The General Services Administration (GSA) pedestalled the National Oceanic and Atmospheric Administration (NOAA) for its successful cloud migration in a June 18 blog post.
To date, NOAA has moved over 40 datasets to the cloud with the help of five commercial cloud service providers (CSPs). By acquiring enterprise-level cloud solutions through multiple CSPs, GSA said that the NOAA Cloud Initiative has diversified the agency’s technical capabilities and avoided being locked in to one provider.
Working with these providers has yielded benefits for NOAA. The April 2019 NOAA Business Brief said that NOAA’s collaboration with CSPs has allowed the agency “to see how their services can facilitate full and open data access to the taxpayer and to foster innovation by leveraging new automation tools to make data more readily accessible.” The brief also said that NOAA should further investment in cloud to see further improvements in performance and cybersecurity.
GSA also applauded NOAA’s use of Statement of Objectives documents rather than Statements of Work (SOWs) to highlight its cloud goals, which shifts responsibility for preparing the SOW from the government to the companies that respond to the solicitation.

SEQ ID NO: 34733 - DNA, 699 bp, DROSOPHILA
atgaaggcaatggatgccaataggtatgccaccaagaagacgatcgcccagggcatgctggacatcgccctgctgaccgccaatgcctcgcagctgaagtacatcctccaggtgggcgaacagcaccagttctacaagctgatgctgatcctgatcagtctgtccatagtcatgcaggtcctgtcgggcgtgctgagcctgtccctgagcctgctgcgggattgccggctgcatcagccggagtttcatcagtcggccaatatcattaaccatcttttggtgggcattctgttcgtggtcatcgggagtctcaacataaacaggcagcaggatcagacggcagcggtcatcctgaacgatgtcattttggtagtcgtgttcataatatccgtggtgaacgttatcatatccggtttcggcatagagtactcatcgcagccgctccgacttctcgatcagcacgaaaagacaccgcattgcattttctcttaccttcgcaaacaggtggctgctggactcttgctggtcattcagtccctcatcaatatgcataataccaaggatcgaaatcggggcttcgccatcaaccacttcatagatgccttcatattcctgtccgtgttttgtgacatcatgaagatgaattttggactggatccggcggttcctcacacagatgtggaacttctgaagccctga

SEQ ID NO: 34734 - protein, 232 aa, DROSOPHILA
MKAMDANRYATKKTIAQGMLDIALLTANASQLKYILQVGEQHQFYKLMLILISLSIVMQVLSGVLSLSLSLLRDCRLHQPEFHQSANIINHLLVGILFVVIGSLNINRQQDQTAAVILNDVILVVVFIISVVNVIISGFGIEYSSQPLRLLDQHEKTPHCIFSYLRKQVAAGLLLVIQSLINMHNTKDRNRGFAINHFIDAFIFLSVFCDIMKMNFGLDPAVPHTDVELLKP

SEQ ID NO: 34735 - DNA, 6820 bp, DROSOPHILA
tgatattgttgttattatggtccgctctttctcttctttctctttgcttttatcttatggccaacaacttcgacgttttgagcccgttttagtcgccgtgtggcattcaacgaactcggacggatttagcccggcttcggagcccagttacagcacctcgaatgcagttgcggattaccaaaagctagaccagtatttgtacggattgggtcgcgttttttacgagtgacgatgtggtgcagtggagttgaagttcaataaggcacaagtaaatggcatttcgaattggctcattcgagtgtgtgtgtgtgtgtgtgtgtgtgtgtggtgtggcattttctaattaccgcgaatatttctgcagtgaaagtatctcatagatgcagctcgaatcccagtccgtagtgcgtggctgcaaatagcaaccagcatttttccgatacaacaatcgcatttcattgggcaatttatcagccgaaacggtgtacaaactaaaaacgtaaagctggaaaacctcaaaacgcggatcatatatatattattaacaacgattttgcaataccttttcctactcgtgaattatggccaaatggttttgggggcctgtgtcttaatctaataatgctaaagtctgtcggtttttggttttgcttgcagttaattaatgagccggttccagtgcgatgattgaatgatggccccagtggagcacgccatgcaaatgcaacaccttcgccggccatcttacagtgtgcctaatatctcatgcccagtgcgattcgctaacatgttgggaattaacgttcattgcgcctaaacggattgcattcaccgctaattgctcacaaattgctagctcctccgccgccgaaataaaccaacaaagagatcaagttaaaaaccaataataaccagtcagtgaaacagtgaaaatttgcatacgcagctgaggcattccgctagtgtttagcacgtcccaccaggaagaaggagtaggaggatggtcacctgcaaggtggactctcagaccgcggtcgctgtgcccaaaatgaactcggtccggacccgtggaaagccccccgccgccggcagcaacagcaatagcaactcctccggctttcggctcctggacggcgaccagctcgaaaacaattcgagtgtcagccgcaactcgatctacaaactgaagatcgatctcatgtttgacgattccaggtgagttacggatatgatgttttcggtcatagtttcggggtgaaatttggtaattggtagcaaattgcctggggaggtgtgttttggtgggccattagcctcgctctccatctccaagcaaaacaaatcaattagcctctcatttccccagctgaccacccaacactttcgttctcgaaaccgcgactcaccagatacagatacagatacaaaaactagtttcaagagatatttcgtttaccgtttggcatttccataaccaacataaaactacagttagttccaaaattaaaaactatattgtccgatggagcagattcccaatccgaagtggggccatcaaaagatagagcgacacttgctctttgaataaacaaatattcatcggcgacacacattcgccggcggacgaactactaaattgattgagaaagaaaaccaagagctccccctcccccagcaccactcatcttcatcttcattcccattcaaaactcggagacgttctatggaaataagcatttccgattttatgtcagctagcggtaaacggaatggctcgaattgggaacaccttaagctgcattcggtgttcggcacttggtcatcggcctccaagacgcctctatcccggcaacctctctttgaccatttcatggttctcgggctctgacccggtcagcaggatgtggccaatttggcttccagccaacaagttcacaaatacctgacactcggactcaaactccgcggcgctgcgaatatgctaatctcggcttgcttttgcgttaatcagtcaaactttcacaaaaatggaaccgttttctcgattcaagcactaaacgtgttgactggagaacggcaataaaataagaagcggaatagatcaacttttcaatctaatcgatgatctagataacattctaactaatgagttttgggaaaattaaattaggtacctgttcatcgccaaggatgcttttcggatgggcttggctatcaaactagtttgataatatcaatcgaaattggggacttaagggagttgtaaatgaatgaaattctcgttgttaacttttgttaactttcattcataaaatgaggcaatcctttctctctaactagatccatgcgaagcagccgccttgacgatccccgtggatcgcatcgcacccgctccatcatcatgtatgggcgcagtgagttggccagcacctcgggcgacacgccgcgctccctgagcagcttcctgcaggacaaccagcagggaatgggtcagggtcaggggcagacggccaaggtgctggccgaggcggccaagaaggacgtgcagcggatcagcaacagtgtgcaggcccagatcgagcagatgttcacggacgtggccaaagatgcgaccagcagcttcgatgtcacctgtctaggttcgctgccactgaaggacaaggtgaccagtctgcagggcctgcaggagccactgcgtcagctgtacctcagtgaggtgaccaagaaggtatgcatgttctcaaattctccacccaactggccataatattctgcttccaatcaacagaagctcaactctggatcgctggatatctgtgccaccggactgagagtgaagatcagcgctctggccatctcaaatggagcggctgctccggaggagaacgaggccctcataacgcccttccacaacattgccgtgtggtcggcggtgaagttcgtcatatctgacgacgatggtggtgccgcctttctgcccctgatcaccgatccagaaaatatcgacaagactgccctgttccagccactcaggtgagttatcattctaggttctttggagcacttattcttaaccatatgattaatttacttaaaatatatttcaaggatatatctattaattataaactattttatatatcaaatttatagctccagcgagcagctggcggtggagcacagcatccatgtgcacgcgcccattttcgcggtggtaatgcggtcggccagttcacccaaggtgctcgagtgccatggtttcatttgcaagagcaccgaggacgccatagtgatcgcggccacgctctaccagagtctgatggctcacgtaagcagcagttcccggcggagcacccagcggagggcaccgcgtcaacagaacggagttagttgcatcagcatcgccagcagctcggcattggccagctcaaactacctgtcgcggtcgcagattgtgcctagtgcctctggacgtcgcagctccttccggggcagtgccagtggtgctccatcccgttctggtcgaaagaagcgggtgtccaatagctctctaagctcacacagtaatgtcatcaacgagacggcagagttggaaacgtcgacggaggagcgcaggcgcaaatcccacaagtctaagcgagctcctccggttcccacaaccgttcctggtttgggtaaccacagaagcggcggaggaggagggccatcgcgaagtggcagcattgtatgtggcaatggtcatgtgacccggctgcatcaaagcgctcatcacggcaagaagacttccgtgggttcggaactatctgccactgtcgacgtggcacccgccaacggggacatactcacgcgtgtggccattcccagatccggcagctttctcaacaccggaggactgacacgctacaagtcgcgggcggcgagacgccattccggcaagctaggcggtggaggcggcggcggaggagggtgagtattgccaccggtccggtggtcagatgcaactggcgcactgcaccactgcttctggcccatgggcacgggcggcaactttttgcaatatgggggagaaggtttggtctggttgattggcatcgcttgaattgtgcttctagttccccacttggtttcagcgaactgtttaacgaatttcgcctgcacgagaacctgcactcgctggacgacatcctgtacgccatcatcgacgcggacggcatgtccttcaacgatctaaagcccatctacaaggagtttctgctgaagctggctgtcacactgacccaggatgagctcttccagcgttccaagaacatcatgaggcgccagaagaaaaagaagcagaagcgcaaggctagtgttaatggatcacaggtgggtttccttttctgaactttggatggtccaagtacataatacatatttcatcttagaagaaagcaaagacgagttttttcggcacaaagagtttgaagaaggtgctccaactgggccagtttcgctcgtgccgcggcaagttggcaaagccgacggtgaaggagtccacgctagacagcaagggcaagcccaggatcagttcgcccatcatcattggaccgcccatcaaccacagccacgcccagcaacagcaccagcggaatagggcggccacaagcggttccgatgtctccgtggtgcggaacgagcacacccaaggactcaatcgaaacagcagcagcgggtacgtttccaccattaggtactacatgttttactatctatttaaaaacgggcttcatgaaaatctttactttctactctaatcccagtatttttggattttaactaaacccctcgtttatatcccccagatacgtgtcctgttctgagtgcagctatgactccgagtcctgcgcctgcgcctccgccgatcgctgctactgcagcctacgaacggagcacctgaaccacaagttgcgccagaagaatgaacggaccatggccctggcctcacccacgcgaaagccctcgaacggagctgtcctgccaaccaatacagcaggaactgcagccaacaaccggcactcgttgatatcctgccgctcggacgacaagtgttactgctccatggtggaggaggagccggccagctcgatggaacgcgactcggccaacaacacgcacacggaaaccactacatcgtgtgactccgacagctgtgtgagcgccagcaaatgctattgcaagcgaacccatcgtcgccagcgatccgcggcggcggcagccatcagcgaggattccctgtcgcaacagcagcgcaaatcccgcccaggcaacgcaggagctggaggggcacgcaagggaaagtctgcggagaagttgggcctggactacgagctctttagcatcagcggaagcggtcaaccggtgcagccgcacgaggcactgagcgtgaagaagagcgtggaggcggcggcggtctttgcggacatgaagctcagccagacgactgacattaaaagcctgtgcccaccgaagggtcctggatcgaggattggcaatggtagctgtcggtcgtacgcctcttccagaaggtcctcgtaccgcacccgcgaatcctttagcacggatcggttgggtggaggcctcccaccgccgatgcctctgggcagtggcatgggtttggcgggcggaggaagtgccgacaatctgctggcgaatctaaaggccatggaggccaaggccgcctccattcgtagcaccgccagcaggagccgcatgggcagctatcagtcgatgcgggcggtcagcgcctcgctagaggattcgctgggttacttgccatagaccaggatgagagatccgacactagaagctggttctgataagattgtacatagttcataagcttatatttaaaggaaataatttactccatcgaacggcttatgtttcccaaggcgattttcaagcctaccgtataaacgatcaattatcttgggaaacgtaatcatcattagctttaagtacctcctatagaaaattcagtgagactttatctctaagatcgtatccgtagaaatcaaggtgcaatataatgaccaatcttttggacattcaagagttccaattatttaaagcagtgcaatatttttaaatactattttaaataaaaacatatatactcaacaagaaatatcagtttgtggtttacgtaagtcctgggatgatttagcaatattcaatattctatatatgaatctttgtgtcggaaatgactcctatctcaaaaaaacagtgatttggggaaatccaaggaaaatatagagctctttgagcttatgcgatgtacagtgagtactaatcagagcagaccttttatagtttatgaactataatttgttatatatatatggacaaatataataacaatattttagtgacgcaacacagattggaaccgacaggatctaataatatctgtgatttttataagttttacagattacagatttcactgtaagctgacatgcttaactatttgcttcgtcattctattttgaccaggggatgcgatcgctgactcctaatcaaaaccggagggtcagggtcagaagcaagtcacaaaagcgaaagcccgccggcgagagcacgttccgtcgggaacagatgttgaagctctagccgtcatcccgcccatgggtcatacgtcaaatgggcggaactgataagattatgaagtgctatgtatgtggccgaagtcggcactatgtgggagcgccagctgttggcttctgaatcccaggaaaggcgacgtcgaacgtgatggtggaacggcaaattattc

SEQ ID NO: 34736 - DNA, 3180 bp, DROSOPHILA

“For example, NOAA wants their CSP ‘to provide cloud storage services that will provide persistent storage, backup service, long-term storage, continuity of operations (COOP), and disaster recovery services,’” GSA explained.
Furthermore, the NOAA Cloud Initiative also specifies desired contract types, which GSA said saves time and avoids confusion for prospective vendors, who will more easily understand the right pricing model to propose.
Behind NOAA’s Cloud Initiative strategy is the Federal Cloud Smart strategy, which “focuses on equipping agencies with the tools needed to make informative technology decisions in accordance with their mission needs, and leverages private sector solutions.” Cloud Smart provides guidance on security, procurement, and workforce components of cloud migration and IT modernization.